For a variety $X/k$, consider the monoid $A$ of classes of ample line bundles in $NS(X)$. What does $A \otimes_\mathbf{Z} \mathbf{R} \subset NS(X)_\mathbf{R}$ look like?
If $X$ is Fano, that is, if $K_X$ is ample, then (the closure of) the ample cone is polyhedral. This follows from Kleiman's criterion saying that it is dual to the cone of effective curves, and from Mori's Cone Theorem saying, roughly, that for any $\epsilon > 0$, the part of the effective cone where $K_X > \epsilon$ is polyhedral. A convenient reference is http://en.wikipedia.org/wiki/Cone_of_curves. The varieties $G/P$ discussed in other answers are Fano. Even in the Fano case, the ample cone still need not be simplicial: toric varieties would furnish convenient counterexamples. On the other hand, in general the ample cone need not be polyhedral at all. For example, if $C$ is an elliptic curve without complex multiplication, then the NéronSeveri group of $C \times C$ is generated by $C \times p$, $p \times C$, and the diagonal, and in terms of this basis the ample cone is given by $$a+b>0, \qquad b+c > 0, \qquad c+a>0, \quad\mbox{and} \quad ab + bc + ca >0: $$ a circular cone! See, for example, T. Bauer and C. Schulz, Seshadri constants on the selfproduct of an elliptic curve, J. Alg. 320 (2008) 29813005, Section 2. 


I guess I should take this opportunity to mention a personal hobbyhorse: the Cone Conjecture of MorrisonKawamata. (See e.g. http://arxiv.org/abs/0901.3361 for precise statements, history, and known cases.) To give a little background, note that (as mentioned in Michael Thaddeus' answer) for Fano varieties the nef cone (i.e. closure of the ample cone) is polyhedral, and spanned by rational rays. That's the nicest possible answer one can hope for. Once we leave the Fano realm, however, things get worse. Already for CalabiYau varieties, the cone of curves can fail to be polyhedral, and even be a completely "round" cone. (This happens e.g. for Abelian surfaces of Picard number at least 3.) That seems pretty bad, but the MorrisonKawamata conjecture predicts that there is still something we can say about the nef cone, in good cases such as CalabiYau varieties. The key observation is that the automorphism group Aut(X) of any variety acts on the nef or ample cone, and one can hope that this group action simplifies the picture somehow. Morrison's form of the conjecture is roughly the following. Cone conjecture: Let X be a CalabiYau variety. Then there is a rational polyhedral cone Π inside the nef cone Nef(X) which is a fundamental domain for the action of Aut(X) on Nef(X): in particular, Aut(X).Π = Nef(X). (To give a more precise statement, one has to consider what happens with nonrational rays on the boundary on the nef cone. Those can never be the image of a rational ray, hence we have to throw out all points of the boundary which are not in the convex hull of the rational rays. There is also an issue of what "fundamental domain" means. But the abbreviated statement above gives the essential flavour, I think.) So the conjecture predicts that although the nef cone may be very far from being a polyhedral cone, it is "generated" by a polyhedral cone when we take into account the action of automorphims (and, as mentioned, throwing away some boundary points.) If true, that would be a very satisfying description. The conjecture has been generalised to CalabiYau fibre spaces and then klt CalabiYau pairs. In its most general form, it includes all Fano varieties, all CalabiYau varieties, and many in between.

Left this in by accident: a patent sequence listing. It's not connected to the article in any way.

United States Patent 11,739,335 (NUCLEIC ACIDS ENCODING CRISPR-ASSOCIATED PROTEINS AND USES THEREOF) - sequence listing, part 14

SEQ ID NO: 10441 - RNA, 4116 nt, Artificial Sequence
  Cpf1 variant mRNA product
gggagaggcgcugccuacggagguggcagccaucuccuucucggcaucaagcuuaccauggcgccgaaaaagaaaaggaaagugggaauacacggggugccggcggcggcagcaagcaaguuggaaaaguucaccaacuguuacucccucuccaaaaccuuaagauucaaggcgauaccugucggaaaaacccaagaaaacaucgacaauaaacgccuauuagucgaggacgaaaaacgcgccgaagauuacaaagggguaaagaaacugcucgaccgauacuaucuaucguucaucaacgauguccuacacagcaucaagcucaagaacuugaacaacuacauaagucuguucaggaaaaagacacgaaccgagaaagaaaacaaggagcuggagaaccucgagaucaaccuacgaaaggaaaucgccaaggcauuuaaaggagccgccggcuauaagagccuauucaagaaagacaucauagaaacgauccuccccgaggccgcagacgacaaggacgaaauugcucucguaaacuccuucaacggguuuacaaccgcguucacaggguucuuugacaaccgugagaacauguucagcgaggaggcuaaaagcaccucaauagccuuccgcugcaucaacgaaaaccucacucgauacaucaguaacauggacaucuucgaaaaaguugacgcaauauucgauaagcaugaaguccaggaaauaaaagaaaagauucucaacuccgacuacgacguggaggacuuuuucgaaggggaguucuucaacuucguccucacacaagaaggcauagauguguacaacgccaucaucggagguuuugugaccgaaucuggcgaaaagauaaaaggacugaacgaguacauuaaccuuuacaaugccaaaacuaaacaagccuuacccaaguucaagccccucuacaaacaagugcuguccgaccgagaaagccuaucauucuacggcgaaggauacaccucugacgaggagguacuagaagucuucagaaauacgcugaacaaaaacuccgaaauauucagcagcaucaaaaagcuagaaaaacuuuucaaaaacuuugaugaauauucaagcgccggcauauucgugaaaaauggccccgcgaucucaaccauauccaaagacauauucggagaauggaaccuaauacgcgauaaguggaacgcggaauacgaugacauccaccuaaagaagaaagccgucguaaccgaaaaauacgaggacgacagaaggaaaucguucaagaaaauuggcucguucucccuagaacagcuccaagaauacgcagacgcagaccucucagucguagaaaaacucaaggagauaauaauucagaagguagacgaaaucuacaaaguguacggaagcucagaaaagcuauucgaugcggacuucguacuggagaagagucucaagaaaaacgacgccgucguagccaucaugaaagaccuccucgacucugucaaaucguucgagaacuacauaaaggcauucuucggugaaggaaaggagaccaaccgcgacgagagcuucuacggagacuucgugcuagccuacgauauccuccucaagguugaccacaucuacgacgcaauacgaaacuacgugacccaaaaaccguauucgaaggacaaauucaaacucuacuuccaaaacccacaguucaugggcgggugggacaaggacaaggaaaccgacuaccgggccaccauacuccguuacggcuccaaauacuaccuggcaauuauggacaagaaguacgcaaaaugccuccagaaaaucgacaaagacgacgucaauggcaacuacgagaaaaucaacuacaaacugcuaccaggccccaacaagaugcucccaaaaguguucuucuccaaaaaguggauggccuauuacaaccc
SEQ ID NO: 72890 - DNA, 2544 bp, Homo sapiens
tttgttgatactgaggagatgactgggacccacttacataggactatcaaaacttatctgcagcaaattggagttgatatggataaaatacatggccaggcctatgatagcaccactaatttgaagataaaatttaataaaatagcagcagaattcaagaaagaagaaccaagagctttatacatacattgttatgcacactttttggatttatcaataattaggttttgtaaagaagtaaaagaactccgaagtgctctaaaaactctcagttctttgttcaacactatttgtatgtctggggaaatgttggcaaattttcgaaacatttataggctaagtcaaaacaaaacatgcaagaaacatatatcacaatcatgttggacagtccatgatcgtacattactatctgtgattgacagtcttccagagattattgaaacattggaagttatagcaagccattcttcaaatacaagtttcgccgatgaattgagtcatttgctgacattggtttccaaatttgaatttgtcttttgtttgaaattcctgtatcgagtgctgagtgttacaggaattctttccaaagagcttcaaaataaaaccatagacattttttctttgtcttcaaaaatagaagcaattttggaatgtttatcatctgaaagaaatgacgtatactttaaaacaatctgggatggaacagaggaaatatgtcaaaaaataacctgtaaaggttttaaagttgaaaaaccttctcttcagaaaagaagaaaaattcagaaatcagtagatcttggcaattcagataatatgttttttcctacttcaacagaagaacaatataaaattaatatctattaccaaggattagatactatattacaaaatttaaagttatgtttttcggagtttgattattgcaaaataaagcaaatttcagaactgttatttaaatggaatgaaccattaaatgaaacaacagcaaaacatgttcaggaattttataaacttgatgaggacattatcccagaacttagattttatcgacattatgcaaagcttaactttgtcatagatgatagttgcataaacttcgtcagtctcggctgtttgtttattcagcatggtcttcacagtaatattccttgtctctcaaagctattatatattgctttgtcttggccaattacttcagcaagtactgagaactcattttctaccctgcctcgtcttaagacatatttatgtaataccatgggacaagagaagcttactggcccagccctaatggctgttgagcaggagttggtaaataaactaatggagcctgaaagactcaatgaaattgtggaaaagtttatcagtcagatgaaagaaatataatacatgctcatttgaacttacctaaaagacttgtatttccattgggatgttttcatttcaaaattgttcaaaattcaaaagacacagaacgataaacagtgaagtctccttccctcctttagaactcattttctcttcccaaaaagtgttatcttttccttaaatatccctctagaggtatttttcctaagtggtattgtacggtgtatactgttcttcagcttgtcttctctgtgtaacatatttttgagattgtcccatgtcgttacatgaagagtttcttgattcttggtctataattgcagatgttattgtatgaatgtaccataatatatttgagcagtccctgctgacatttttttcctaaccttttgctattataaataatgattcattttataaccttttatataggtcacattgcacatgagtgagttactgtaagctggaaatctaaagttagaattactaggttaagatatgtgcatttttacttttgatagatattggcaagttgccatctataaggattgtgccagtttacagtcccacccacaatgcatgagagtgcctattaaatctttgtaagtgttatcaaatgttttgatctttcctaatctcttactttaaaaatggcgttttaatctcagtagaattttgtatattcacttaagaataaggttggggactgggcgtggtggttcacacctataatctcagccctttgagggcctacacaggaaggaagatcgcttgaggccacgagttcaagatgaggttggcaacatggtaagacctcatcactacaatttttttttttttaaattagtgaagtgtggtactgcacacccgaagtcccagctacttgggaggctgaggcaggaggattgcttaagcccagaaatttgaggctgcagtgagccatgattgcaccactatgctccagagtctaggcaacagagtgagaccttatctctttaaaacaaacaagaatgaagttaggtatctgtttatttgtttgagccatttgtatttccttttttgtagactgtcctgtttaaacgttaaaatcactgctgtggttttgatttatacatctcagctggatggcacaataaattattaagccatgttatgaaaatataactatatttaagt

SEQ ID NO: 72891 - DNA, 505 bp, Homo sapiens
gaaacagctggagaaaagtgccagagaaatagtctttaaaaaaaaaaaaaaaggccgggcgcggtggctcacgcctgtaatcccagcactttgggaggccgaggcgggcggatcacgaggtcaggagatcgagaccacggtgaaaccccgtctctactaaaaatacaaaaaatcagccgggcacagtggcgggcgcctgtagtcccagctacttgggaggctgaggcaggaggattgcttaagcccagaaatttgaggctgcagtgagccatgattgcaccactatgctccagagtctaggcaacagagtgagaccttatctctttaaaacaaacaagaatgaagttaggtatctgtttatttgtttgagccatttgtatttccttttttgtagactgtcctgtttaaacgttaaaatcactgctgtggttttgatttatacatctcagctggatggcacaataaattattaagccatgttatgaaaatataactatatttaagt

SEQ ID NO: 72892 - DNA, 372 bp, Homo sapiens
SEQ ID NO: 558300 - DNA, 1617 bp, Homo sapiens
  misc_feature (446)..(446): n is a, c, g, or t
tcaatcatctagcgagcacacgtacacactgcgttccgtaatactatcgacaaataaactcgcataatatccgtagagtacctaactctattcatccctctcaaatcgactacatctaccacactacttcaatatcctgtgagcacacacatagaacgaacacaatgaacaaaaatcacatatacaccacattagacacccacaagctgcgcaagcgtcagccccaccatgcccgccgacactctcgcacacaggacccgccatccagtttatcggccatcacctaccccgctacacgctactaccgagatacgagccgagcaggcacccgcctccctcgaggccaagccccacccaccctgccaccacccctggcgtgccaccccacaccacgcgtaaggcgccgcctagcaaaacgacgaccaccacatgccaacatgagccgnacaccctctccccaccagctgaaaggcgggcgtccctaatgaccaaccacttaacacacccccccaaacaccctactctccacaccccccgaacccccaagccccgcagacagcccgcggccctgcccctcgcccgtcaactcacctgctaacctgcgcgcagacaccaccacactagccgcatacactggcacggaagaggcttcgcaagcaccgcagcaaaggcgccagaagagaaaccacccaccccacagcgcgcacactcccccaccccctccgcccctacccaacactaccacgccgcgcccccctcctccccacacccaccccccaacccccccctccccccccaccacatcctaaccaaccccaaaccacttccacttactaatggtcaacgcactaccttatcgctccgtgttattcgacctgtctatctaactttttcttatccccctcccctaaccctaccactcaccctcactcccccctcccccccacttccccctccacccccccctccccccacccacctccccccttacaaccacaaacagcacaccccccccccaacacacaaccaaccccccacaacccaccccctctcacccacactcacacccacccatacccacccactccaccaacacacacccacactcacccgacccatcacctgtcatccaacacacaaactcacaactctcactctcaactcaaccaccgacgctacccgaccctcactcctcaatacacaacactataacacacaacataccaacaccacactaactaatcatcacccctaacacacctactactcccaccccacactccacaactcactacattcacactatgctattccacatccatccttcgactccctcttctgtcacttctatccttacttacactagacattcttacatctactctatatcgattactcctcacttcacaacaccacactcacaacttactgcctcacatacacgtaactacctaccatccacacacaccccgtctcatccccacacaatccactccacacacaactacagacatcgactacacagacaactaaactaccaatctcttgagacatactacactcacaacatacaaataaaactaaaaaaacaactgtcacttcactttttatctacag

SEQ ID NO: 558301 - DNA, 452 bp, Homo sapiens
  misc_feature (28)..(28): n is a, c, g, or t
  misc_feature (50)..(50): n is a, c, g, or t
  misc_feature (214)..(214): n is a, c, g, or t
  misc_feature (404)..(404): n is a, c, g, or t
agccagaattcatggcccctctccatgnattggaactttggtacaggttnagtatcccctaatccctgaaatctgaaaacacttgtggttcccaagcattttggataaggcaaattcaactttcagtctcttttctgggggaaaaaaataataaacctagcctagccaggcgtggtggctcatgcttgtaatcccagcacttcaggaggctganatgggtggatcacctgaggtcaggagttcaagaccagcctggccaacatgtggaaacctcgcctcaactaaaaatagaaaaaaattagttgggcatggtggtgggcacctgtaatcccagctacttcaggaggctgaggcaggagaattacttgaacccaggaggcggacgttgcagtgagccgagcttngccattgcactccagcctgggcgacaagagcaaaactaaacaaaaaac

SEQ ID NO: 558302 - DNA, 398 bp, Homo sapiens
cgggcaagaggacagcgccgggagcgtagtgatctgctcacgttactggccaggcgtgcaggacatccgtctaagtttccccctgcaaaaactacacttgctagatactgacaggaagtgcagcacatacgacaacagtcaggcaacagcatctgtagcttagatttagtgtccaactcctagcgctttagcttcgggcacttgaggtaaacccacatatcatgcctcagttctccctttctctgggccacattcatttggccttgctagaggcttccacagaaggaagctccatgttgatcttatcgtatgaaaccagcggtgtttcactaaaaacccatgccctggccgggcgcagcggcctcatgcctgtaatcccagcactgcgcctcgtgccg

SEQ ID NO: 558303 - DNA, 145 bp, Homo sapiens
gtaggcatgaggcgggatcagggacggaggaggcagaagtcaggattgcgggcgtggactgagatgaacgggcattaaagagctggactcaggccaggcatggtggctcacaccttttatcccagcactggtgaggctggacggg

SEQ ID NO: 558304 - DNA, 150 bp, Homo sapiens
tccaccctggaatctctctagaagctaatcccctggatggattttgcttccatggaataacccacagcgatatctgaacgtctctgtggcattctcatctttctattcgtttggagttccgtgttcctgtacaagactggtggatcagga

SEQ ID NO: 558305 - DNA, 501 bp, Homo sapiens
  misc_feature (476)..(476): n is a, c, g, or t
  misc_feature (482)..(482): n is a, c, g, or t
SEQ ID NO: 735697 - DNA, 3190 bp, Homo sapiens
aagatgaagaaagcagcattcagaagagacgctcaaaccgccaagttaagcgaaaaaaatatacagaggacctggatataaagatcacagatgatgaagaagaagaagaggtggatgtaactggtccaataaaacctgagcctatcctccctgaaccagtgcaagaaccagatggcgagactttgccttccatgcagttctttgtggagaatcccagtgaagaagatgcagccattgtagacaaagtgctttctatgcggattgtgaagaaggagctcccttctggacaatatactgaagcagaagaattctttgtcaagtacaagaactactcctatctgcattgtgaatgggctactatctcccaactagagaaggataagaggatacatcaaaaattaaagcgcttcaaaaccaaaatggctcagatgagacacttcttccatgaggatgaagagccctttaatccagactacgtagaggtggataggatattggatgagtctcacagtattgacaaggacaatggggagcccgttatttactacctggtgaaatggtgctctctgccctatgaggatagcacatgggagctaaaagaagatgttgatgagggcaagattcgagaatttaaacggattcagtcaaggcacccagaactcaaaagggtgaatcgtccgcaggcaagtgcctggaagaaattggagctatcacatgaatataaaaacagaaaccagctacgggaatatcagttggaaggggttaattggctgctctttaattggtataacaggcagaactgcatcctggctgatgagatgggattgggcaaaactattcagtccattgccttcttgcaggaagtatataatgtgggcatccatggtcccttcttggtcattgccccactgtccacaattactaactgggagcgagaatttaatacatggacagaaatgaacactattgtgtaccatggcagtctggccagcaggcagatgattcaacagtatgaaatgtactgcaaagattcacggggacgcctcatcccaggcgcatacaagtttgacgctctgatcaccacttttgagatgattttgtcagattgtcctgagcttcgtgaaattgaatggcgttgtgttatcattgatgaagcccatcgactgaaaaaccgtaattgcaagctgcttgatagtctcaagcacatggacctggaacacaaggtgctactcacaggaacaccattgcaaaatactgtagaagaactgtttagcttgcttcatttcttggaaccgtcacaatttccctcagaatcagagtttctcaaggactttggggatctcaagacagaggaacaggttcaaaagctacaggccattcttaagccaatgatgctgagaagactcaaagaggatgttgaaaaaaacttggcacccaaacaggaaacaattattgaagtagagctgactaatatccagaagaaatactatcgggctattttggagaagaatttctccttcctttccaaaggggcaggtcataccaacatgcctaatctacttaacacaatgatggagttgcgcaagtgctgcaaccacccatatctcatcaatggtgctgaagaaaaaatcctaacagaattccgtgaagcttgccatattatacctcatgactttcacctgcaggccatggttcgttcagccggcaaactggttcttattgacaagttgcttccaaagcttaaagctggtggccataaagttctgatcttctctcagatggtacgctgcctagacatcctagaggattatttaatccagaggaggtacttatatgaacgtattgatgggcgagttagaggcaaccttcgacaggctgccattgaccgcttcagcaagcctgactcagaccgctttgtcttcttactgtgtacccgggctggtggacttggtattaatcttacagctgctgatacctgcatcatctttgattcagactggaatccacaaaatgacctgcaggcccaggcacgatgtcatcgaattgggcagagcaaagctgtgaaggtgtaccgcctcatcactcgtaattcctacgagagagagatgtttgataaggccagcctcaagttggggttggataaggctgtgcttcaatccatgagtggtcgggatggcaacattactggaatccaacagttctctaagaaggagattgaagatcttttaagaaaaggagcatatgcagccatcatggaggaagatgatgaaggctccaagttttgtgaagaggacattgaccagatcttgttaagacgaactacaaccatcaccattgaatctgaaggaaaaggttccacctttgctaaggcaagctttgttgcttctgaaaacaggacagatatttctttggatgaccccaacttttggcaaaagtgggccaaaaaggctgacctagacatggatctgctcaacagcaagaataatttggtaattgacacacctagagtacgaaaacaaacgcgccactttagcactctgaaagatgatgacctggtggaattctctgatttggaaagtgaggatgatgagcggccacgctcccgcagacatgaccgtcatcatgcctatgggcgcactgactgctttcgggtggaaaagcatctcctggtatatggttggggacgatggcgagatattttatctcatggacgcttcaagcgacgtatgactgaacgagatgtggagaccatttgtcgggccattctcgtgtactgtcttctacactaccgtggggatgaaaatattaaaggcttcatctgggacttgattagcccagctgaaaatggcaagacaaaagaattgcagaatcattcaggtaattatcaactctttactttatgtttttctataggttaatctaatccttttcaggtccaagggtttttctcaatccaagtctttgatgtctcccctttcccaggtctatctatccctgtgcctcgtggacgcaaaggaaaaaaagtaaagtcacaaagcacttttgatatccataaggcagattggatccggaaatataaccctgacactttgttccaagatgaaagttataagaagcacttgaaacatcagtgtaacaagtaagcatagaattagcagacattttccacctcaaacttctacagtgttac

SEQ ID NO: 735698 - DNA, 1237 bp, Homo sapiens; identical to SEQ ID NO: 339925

For K3 surfaces, there is an interesting dichotomy: the cone of curves, and so dually the (closed) cone of ample divisors, is either (locally) polyhedral, or completely circular (has no polyhedral part at all). This was proved in Sándor Kovács's thesis (see "The cone of curves of a K3 surface", Math. Ann. 300). As far as I know, it still remains an amusing open problem whether there exist projective varieties whose cone of ample divisors is partially circular and partially polyhedral, although one expects that there should be plenty of such examples. 


The shape of the ample cone can be very different, depending on the variety you are considering. In the preprint "Remarks on the cone of divisors" by Y. Kawamata, for example, you can see an unusual version of the Mori cone theorem that tells us something about the shape of the nef cone. The ample cone, as you very probably know, is the inner of the nef cone, so that they practically look the same. 


Remember the ample cone is an open set in $NS(X)\otimes \mathbf{R}$ for the standard euclidean topology. Thus it cannot be $\mathbf{R}_{\geq 0}^\rho $ . But it can be $(\mathbf{R}^+)^{\rho}$. The simplest example is the projective space $\mathbb{P}^n$ over the complex numbers, where $\rho=1$ and the ample cone is simply $\mathbf{R}^+$. 


Well, if you have a projective variety you can always find a basis of $NS(X)\otimes \mathbf{R}$ as an $\mathbf{R}$vector space only made by ample $\mathbf{R}$divisors. This implies that every projective variety (say over $\mathbf{C}$),if you suitably choose the basis of the vector space we are speaking about, has ample cone $(\mathbf{R}^+)^{\rho}$. [retracted in comment below] The reference is in the first chapter of the book "Positivity in algebraic geometry I", by R. Lazarsfeld. I don't have the book now so that I cannot tell you exactly what is the paragraph, but I'm pretty sure it is in the first chapter and it is just an exercise. Does this answer your question?